Larry: So, the first trait you need to develop in order to bounce back as a leader is the quality of resilience, and that depends a great deal on cultivating your confidence. Let’s move on to the second trait, which is flexibility or the ability to adapt to changing circumstances.
Megan: This is so important, because one of the things that happens to us when we get under extreme stress (for most of us anyway) is we tend to get really rigid. We don’t want to be flexible. We’re trying to find certainty, so we become abnormally rigid about things that normally we wouldn’t even care about. That does not serve us well.
If you think about a big tree during a storm…you know, high winds, kind of what that looks like…the tree has deep roots that enable it to bend every which way so it doesn’t break. That’s what we want our posture to be like as we go through storms, like the one we’ve just been through, like all of the ones we’re going to go through for the rest of our lives. We want to be able to be flexible. The funny thing about this is this does not come naturally to a lot of us, and that would be true for me too.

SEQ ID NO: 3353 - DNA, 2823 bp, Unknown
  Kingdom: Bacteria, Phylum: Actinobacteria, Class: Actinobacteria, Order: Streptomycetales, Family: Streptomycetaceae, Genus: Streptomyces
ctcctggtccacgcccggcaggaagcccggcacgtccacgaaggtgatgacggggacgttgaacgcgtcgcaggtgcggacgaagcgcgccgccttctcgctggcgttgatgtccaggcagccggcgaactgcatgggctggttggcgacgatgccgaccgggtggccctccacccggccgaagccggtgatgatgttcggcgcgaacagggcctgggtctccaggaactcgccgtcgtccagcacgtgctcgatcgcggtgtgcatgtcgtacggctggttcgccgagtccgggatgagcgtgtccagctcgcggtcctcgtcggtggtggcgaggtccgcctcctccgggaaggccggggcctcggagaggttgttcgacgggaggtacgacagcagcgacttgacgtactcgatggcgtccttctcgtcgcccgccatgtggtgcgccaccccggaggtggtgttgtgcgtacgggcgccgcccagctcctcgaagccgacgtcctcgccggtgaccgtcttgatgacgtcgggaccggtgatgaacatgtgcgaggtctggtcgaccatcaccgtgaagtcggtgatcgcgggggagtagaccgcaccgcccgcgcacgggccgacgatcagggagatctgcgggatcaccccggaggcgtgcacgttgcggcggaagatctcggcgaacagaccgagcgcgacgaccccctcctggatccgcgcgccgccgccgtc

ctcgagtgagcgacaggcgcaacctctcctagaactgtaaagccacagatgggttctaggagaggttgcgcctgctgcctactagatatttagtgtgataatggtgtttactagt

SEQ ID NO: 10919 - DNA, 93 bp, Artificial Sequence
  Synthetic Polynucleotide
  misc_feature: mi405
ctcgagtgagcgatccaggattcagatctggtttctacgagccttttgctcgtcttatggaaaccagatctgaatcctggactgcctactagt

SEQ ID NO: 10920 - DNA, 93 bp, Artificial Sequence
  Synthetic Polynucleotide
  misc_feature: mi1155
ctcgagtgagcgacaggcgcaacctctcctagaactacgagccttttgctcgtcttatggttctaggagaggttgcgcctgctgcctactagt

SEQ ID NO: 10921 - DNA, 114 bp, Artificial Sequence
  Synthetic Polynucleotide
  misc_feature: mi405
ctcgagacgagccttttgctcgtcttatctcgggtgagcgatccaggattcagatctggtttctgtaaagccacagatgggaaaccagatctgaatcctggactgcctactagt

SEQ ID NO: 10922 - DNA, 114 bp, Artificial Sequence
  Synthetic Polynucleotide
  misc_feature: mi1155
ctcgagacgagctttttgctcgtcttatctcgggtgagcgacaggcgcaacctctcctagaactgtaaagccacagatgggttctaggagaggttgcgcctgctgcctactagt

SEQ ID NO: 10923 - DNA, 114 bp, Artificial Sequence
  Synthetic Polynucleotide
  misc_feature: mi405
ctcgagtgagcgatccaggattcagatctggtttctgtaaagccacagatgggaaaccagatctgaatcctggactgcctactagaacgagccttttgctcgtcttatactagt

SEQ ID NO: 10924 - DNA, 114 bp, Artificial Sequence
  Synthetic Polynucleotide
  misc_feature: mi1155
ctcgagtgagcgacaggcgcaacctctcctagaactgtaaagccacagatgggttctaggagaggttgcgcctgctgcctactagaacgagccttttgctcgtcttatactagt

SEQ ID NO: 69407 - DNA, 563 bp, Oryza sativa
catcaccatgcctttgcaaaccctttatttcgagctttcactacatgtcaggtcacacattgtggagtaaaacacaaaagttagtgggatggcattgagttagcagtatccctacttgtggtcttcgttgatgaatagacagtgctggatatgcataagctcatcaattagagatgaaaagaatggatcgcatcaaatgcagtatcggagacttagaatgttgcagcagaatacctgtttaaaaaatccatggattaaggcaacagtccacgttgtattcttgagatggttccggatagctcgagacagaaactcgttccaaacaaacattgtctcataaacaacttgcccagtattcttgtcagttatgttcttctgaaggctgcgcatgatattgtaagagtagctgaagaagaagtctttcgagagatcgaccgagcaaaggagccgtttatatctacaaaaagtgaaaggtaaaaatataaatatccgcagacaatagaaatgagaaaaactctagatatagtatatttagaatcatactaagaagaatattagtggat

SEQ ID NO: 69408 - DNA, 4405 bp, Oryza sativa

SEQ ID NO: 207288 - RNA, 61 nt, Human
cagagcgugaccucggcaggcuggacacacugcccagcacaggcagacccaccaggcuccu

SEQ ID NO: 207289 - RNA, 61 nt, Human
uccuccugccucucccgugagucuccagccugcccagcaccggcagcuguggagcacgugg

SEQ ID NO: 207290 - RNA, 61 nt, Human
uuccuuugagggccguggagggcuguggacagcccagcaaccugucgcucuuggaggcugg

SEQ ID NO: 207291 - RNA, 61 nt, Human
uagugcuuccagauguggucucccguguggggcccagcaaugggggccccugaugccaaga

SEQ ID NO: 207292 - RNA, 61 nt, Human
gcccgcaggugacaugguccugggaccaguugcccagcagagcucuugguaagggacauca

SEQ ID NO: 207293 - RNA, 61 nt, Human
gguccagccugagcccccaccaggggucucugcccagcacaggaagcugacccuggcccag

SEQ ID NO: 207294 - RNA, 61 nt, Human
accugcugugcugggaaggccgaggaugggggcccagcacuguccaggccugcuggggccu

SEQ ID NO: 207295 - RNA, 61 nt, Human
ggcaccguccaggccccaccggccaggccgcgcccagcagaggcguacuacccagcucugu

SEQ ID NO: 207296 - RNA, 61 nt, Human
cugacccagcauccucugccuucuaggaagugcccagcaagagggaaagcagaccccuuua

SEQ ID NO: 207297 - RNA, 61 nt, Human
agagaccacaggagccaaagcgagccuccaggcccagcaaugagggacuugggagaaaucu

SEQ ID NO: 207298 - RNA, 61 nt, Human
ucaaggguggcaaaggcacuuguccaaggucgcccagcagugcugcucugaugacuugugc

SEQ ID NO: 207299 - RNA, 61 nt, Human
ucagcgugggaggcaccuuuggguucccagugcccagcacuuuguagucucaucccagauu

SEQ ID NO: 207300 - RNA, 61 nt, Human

In fact, on the StrengthsFinder assessment, my #34 strength… Out of 34 possibilities, the one that is the lowest for me is Adaptability. That’s their word for flexibility. I am not naturally flexible, at least according to that assessment, but one of the things I’ve learned is that there’s so much power in flexibility. When you’re able to bend and shift and move, the possibilities open up before you. So I’ve learned to embrace the idea of flexibility instead of fight it, which I did for a lot of my life.
Michael: Well, you won’t be surprised, Megan, to know that Adaptability is my thirty-fourth strength as well, whereas for your mom it’s really high up there. I can’t remember which number it is, but she’s totally roll with the punches, go with the flow, all that stuff. Me? I’m a little bit more rigid, but I do think I’m resilient, so there’s hope for you if you feel like you are non-adaptable. It just comes with time.